Tuesday, December 18, 2012

Letter: Remembering the 1969 bus strike and PNM brutality

A glimpse of the Black Power riots in Port of Spain in 1970
How many remember the bus strike in 1969…and of the PNM government’s response? 

If your answer to each or the second question is, "Not me!", then how can you understand the nonsense that's passed for the PNM's protest against the building of the Point Fortin highway and the way the PP government handles industrial relations? 

1969 marked the 13th year of domineering rule by the PNM. Labour laws were completely anti-worker. Government workers' salaries, wages and general terms and conditions of employment were extremely poor. Unemployment was rampant. Citizens were itching for the general election to dump Dr Williams and the PNM. In April 1969, within that context, PTSC bus workers struck and changed the course of our history.

Schools were closed for Easter...generally, the travelling public didn't feel the brunt of the bus workers’ strike, in any case, everyone expected the strike would trigger early settlement of the drawn-out wage negotiations. 

Nobody figured for the spitefulness of the PNM though -Dr Williams and his Cabinet refused to budge. The PNM's wilful reluctance was countered by striking bus workers’ deepened resolve. 

Apart from recalcitrant PNM members and supporters, the wider population stood with the strikers. On the weekend before school was to resume, then Prime Minister, Dr Williams, made a tv and radio broadcast to the general public. If you ever heard him speak, you know the measured, nasal tone...if you never, picture a stuffy-nosed person.

"Come Monday morning, when school reopens, the buses will roll. And heaven help anyone who tries to stop them!" he drawled, without giving a hint of the brutality to come.

When Monday morning reached, soldiers and police were manning the entire PTSC fleet. Striking employees who peacefully tried to stop buses leaving the POS terminus and who weren't fleet-footed enough to "brakes from" the police batons, were roughly manhandled and bundled into waiting Black Marias and convoyed off to jail.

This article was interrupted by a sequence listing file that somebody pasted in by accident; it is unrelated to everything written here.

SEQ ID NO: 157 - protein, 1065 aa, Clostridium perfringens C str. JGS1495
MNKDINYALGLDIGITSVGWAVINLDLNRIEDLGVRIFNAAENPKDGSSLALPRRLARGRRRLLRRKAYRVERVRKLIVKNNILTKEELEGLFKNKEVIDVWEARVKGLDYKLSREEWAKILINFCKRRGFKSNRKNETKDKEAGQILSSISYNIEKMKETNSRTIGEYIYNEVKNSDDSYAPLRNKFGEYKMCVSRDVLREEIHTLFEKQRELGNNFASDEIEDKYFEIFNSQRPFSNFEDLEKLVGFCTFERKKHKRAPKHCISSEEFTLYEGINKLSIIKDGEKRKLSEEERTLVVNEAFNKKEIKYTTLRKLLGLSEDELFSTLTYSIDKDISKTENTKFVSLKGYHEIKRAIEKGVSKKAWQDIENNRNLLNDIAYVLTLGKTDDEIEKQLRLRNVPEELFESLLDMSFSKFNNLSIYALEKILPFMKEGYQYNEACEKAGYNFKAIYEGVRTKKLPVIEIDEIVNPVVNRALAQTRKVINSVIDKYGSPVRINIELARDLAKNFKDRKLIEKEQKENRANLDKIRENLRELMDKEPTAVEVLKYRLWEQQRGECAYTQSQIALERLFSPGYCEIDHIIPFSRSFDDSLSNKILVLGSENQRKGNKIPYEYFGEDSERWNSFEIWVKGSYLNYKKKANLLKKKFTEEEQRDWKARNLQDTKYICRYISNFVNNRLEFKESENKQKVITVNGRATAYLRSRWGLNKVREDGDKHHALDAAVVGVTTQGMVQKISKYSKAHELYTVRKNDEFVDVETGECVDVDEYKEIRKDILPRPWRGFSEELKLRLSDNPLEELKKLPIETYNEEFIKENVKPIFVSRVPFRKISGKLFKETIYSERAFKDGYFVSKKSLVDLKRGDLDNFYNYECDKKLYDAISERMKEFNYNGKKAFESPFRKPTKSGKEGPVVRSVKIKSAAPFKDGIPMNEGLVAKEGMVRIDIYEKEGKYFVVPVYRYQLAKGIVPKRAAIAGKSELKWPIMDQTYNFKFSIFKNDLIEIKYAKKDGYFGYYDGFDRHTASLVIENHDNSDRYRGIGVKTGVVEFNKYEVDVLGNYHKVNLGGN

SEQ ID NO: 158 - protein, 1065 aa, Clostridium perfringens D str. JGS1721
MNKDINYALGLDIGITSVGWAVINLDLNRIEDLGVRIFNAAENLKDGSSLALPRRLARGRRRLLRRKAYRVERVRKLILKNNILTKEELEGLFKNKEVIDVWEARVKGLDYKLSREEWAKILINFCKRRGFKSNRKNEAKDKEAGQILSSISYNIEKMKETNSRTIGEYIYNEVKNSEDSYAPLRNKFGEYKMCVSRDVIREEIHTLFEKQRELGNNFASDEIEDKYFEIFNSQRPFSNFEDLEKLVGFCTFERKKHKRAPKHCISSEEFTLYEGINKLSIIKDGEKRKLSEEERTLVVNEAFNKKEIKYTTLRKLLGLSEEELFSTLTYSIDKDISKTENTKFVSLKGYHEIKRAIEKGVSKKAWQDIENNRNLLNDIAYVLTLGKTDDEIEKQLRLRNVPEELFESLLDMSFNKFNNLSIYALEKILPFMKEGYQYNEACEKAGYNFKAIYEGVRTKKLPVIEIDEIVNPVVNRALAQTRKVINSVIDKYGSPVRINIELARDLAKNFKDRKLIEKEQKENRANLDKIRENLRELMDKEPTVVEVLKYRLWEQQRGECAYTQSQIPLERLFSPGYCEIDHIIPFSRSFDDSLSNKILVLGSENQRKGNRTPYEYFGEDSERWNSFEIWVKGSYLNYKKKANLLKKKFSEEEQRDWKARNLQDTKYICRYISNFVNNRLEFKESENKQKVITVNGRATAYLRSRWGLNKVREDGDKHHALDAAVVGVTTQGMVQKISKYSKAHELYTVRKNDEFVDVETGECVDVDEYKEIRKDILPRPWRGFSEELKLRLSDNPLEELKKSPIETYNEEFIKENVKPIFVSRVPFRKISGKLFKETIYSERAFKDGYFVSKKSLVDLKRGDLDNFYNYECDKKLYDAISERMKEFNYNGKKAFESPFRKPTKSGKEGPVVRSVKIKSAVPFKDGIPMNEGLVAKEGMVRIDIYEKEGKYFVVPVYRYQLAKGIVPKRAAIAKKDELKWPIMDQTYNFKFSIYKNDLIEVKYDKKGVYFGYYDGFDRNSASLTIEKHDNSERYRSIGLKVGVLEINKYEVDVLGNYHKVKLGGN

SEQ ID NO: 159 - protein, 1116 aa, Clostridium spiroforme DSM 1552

The atmosphere was highly tense…buses were accompanied by heavily-armed police and soldiers…we, schoolchildren, went from home to school and back under the steely eyes of loaded guns, I was so jittery, my end of year school exam results were the worst ever.

The PNM's heavy-handed 1969 reaction to the busworkers' strike was a chilling glimpse of greater PNM heavy-handedness to come twelve months down the road - April 1970, "The Black Power Riots". 
The 1970 upheaval was a direct consequence of the PNM not caring for what the wider public thought was important. 

The PNM’s attitude was, “My way, or, the highway!” The PNM’s now 56 years old. Old dogs cannot learn new tricks. It’s virtually impossible to teach the PNM that national planning is best conducted not by sticking it to the people, but by sticking to the highway of proper priorities and planning.

The PP government seems to have hit on the right mix, even when a mistake is made. It responds intelligently when an error occurs, confirming that only intelligent organisms can make corrections. Good sense shall prevail in the end with the JCC independent review underway. I have no objection to taxpayers footing the bill for that review. Santa is a figment. Nothing in life is free. 

Governments normally hire independent experts to get a detached perspective or input in national planning when they can't rely on public servants to do the same. 

Furthermore, considering the brevity of its incumbency, no intelligent person can decry the PP’s industrial relations competence and political will, given the number of inherited industrial disputes it has already amicably settled.

Ayodele Chieng | Irving Street, in Petit Bourg.

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Jai & Sero

Jai & Sero

Our family at home in Toronto 2008

Our family at home in Toronto 2008
Amit, Heather, Fuzz, Aj, Jiv, Shiva, Rampa, Sero, Jai